Hee-Won Han of South Korea won the LPGA Sybase Big Apple Classic on Sunday, becoming the Tour's third first-time winner in the last four weeks.
updated: February 25, 2007 09:48 IST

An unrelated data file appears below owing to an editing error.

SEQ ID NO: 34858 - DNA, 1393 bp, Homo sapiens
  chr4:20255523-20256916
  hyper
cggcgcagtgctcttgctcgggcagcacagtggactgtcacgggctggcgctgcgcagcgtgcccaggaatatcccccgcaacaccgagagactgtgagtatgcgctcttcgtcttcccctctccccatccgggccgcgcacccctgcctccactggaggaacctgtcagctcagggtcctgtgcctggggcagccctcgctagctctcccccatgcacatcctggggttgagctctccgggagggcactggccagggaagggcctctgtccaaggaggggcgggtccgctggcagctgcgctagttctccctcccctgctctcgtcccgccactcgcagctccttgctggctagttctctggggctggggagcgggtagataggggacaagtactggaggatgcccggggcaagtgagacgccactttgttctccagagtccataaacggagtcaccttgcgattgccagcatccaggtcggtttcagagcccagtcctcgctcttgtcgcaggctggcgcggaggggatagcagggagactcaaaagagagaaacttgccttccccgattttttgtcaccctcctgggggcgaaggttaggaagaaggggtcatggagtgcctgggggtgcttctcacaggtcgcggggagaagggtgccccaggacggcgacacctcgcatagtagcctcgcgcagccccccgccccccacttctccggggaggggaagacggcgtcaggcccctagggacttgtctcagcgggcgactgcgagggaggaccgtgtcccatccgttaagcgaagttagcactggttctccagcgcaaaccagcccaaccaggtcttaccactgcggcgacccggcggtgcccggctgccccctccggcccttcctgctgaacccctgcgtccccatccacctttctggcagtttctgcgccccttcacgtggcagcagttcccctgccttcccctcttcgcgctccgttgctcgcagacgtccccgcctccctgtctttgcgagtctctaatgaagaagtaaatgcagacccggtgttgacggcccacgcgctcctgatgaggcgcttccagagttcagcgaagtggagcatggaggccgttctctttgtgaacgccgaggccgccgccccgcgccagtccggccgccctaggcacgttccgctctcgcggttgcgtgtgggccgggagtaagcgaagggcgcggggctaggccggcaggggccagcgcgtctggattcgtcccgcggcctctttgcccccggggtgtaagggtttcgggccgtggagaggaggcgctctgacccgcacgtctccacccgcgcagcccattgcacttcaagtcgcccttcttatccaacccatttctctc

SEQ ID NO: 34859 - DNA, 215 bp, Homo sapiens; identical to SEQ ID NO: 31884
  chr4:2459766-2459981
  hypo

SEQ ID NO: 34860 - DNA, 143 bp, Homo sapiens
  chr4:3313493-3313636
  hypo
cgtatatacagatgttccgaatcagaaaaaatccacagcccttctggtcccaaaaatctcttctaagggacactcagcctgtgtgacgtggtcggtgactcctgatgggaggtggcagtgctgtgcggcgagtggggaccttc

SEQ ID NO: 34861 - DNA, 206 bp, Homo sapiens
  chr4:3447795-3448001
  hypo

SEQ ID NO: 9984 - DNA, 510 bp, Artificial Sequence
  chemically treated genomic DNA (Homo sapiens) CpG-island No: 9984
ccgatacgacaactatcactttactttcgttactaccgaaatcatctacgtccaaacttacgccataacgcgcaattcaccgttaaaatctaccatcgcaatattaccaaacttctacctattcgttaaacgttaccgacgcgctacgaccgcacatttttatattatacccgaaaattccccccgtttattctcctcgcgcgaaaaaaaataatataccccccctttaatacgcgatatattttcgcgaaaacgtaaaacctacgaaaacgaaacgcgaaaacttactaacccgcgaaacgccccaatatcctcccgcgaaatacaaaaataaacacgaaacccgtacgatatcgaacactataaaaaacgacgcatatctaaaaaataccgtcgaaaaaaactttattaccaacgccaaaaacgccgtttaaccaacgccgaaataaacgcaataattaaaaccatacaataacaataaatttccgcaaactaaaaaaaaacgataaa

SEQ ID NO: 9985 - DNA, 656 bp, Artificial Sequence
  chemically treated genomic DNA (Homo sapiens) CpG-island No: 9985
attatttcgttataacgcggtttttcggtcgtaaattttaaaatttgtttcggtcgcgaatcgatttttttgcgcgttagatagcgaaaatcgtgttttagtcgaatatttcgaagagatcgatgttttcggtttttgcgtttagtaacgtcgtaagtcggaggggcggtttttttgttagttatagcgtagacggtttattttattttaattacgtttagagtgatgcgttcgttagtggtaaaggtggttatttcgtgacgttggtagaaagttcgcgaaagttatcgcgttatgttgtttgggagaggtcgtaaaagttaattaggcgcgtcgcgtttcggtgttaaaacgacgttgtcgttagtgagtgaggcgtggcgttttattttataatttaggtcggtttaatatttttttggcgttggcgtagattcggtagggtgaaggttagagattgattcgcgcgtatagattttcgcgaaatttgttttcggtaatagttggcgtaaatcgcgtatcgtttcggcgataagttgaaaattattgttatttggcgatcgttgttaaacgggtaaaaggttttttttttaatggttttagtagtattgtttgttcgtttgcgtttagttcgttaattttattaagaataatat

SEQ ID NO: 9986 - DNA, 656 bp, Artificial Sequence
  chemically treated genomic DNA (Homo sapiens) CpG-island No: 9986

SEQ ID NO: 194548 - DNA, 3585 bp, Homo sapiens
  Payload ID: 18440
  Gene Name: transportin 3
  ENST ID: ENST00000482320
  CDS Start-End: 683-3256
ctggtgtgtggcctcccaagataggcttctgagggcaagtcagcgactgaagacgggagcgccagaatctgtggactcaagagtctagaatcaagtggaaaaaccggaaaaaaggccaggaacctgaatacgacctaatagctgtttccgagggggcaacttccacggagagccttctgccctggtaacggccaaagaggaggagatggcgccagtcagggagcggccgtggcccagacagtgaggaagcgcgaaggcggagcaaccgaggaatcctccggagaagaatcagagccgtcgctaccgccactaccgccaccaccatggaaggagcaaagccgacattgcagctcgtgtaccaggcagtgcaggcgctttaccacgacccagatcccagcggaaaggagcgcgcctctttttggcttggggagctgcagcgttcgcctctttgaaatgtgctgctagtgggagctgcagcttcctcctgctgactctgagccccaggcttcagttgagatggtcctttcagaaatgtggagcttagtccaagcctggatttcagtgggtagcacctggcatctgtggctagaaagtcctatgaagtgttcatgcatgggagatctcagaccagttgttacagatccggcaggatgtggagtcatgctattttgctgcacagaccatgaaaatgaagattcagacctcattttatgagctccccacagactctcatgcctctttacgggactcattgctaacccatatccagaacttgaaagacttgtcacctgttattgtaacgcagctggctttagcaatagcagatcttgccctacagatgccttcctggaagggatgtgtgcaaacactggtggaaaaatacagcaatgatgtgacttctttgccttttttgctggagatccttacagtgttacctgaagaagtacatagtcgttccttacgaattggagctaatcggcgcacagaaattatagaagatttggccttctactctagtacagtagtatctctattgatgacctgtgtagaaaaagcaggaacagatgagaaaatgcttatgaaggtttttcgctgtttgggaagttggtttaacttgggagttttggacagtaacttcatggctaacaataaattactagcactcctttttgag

Hee-Won Han of South Korea won the LPGA Sybase Big Apple Classic on Sunday, becoming the Tour's third first-time winner in the last four weeks. The 25-year-old, who was the 2001 LPGA Tour rookie of the year, made a 4-foot birdie putt on the closing par-5 18th hole to finish at 11-under 273 - two strokes ahead of American Meg Mallon. The tournament, which featured a prize purse of $ 950,000, was played at the Wykagyl Country Club in New Rochelle, New York - just north of Manhattan. A year ago, at the same tournament, Hee-Won Han was on the brink of victory before letting a final round lead slip away and eventually lost in a sudden-death playoff to Gloria Park. It was the closest she had come to winning an LPGA Tour tournament until Sunday. Beginning the day with a five-stroke lead with Meg Mallon, Han played a a consistent final round to keep herself in contention for the title. On the ninth hole, Han hit her approach shot to the green, as it bounced toward the hole to set up a birdie. She went to 11 under par. Fellow Korean Grace Park made an eagle putt on the 15th hole to move to 8 under par. She finished tied for third at 5 under par for the event. Cindy Figg-Currier, who started the day in third position, five strokes behind the leaders, made a birdie putt on the 14th hole to get to 5 under par. She had a 72 and finished tied for third at 5-under with Park. Han then made a critical birdie putt on the 15th hole to get to 10 under, and in the process, established a two-stroke lead over Meg Mallon. Mallon, who has 14 career LPGA victories, would have fancied her chances against the inexperienced Han - but could get not bridge the deficit on the closing holes. After a 25 foot birdie putt just missed on 16, she then just missed again on the 17th with a 45 foot birdie attempt and remained two strokes back. Then she almost made a 60-foot eagle putt on 18, but the tap-in birdie gave her a 2-over 73 and took any pressure off Han as she faced her final putt. When Han's putt dropped for the victory, she turned to the crowd with her fist held high and a huge smile on her face. Han, who had two other second places last year, won $142,000 for the win. She entered the tournament 23rd on the money list with 284 thousand dollars with four top 10 finishes. Mallon, who was 27th on the money list, won $85,000. This was her fourth top 10 finish in this tournament with the best a third in 1997. (AP)